“We pioneered a lot of things just by being available. I think me being one of the first rap acts doing festivals and just bigger headlining stages, it opened up a lot of opportunities for people to bring that same attention to the other artists as well. It’s really good to see the whole show scene and festival scene budding,” he told N.O.R.E. and EFN.
7. On Kush & Orange Juice
Released in 2010, Kush & Orange Juice was Khalifa’s eighth mixtape and notably took the internet by storm thanks to the hashtag #KushandOrangeJuice on Twitter. Blending smooth beats with his laid-back flow, the project was joined by guest appearances from Curren$y, K.R.I.T., Johnny Juliano, and several more. When asked about it, the rapper reflected on the mixtape’s impact, sharing insights into its creation and lasting influence.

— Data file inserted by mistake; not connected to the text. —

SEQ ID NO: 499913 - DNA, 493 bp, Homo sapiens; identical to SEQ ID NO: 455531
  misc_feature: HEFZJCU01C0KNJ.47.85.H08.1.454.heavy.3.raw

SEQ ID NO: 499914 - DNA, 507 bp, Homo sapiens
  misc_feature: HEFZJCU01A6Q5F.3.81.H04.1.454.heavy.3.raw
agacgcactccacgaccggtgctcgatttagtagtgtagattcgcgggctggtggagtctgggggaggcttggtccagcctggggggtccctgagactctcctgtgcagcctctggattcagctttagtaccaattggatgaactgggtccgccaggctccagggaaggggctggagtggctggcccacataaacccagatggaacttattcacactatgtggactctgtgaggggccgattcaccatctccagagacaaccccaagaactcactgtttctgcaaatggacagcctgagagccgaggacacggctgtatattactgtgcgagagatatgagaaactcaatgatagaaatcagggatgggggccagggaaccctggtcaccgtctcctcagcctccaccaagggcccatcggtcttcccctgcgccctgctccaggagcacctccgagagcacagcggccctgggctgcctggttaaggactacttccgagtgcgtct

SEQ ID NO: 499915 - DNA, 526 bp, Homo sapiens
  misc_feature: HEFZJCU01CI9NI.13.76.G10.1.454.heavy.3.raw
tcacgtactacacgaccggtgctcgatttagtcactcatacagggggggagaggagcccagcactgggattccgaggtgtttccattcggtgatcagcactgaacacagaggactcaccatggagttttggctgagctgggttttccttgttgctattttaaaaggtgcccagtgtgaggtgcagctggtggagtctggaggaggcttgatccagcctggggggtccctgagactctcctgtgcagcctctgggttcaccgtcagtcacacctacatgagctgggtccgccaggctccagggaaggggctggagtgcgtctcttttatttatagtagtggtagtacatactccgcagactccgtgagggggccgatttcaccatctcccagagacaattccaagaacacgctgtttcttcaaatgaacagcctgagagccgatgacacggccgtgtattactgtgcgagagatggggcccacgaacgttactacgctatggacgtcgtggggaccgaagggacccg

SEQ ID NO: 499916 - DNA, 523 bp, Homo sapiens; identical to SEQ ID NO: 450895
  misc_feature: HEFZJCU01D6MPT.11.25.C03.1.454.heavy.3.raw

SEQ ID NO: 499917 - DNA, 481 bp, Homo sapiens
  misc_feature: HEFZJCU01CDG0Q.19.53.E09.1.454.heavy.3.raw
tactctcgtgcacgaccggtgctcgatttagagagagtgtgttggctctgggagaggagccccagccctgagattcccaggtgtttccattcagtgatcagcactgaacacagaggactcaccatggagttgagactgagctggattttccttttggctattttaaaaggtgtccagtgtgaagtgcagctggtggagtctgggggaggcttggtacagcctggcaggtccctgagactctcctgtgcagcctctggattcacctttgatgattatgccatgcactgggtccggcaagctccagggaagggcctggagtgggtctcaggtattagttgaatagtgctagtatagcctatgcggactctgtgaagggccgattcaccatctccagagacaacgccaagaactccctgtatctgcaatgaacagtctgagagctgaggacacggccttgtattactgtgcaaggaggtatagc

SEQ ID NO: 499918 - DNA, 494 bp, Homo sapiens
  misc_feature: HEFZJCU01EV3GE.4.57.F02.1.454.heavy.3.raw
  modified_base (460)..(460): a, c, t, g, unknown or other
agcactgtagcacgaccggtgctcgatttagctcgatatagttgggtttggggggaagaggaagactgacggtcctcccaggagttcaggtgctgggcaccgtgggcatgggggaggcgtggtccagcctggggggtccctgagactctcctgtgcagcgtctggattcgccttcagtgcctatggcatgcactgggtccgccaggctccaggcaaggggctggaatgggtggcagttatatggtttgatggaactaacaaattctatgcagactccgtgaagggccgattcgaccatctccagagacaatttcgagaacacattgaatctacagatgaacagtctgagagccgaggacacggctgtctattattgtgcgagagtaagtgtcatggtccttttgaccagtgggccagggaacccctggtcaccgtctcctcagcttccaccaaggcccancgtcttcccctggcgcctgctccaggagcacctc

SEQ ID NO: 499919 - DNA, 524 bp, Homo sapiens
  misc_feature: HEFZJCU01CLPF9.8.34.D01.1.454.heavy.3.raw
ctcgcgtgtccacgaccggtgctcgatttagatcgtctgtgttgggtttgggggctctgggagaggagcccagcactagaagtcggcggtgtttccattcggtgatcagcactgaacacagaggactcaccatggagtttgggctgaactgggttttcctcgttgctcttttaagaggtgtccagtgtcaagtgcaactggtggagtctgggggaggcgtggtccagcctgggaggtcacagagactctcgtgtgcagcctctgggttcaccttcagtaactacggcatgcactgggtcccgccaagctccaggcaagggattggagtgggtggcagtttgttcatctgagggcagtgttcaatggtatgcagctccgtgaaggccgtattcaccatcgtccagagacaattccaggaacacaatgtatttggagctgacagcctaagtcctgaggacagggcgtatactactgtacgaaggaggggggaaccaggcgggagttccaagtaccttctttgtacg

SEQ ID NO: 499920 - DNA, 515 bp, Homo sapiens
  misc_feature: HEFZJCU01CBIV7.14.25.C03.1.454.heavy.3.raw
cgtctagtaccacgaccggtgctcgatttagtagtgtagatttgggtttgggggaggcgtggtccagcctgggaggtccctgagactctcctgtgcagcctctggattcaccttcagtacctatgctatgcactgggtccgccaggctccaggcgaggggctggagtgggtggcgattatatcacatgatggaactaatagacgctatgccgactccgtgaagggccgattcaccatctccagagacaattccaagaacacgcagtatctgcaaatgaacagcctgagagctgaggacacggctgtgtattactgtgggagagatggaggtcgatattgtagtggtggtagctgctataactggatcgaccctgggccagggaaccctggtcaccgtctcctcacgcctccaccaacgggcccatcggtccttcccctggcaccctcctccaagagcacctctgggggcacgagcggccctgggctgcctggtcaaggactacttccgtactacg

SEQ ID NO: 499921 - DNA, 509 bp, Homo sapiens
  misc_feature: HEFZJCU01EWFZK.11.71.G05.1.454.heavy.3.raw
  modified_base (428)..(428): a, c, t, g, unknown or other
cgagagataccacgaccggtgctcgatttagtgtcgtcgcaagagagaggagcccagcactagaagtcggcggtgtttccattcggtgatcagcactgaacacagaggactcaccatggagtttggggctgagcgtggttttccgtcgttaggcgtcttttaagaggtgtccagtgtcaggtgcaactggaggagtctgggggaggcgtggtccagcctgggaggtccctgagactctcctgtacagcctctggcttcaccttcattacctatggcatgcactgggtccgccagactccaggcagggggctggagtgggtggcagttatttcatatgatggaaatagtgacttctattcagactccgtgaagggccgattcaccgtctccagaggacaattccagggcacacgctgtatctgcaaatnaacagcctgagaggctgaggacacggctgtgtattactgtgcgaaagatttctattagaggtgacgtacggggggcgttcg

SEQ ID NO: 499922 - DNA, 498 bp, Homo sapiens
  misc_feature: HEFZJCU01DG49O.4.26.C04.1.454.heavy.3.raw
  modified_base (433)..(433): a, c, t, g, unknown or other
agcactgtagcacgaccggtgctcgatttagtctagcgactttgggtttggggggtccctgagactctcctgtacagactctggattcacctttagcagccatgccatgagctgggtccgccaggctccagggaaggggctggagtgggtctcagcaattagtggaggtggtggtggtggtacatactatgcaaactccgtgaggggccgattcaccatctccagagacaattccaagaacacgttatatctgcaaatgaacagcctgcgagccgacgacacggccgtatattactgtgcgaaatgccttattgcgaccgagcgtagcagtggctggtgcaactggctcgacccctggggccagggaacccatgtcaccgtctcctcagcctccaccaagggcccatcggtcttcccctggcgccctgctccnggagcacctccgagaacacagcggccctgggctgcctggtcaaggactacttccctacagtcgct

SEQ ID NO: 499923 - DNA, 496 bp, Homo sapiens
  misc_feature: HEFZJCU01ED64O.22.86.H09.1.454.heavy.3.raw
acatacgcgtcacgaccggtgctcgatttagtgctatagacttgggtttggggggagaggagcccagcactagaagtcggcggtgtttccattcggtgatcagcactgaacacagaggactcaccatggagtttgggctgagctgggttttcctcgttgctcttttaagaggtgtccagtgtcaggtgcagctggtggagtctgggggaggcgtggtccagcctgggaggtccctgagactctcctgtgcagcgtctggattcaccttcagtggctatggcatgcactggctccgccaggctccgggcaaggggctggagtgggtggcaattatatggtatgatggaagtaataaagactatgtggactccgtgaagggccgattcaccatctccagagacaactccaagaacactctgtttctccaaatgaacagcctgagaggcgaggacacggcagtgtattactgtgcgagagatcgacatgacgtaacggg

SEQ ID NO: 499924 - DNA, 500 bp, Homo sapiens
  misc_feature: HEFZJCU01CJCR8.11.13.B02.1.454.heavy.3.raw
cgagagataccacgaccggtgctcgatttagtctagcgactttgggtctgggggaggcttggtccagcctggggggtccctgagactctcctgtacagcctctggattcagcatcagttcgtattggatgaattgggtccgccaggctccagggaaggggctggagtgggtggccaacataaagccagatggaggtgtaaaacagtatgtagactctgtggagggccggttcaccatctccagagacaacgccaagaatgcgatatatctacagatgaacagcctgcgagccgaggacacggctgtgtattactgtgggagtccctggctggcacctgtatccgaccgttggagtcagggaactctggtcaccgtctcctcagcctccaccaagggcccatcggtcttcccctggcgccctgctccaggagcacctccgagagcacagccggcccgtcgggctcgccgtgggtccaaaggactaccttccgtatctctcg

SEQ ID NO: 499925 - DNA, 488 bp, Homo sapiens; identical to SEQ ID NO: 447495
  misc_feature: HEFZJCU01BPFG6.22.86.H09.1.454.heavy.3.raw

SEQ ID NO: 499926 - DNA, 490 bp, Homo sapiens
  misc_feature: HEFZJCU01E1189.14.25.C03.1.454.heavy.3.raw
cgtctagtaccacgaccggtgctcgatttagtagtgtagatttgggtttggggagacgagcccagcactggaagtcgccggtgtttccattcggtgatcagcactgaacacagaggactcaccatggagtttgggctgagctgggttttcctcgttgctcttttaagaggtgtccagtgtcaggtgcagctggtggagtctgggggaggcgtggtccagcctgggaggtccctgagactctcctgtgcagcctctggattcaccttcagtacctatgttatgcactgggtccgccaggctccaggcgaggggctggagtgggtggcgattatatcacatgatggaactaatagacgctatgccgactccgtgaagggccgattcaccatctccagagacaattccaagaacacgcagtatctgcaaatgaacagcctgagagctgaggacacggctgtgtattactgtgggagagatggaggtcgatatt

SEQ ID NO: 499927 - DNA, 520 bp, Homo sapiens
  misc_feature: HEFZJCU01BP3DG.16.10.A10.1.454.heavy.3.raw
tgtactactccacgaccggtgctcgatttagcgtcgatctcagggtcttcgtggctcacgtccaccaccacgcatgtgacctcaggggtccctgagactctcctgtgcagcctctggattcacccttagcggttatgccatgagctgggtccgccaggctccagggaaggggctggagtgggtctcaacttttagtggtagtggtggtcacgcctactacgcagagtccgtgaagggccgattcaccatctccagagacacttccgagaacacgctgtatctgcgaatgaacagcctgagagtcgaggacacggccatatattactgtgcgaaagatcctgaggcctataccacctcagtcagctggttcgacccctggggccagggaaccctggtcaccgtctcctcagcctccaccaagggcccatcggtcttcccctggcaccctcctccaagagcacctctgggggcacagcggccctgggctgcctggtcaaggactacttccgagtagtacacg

Speaking on how the name came about, Khalifa revealed, “The Kush & Orange Juice name came from my homie Jake in Toronto. So I went up to Toronto for a couple of days, and I was recording the last couple of pieces of How Fly, which is the mixtape I did with Curren$y. But I was also working Kush & Orange Juice, and everything I would say was wake and baking. We would wake, we would bake, and we would do this. And randomly, ‘Man, your laptop smells like kush and orange juice.’ I was like, ‘Damn, bro, you don’t understand. That’s my whole life right there.’ It just felt like a different way to say wake and bake.”
8. On “See You Again” originally featuring Lil Wayne and Chris Brown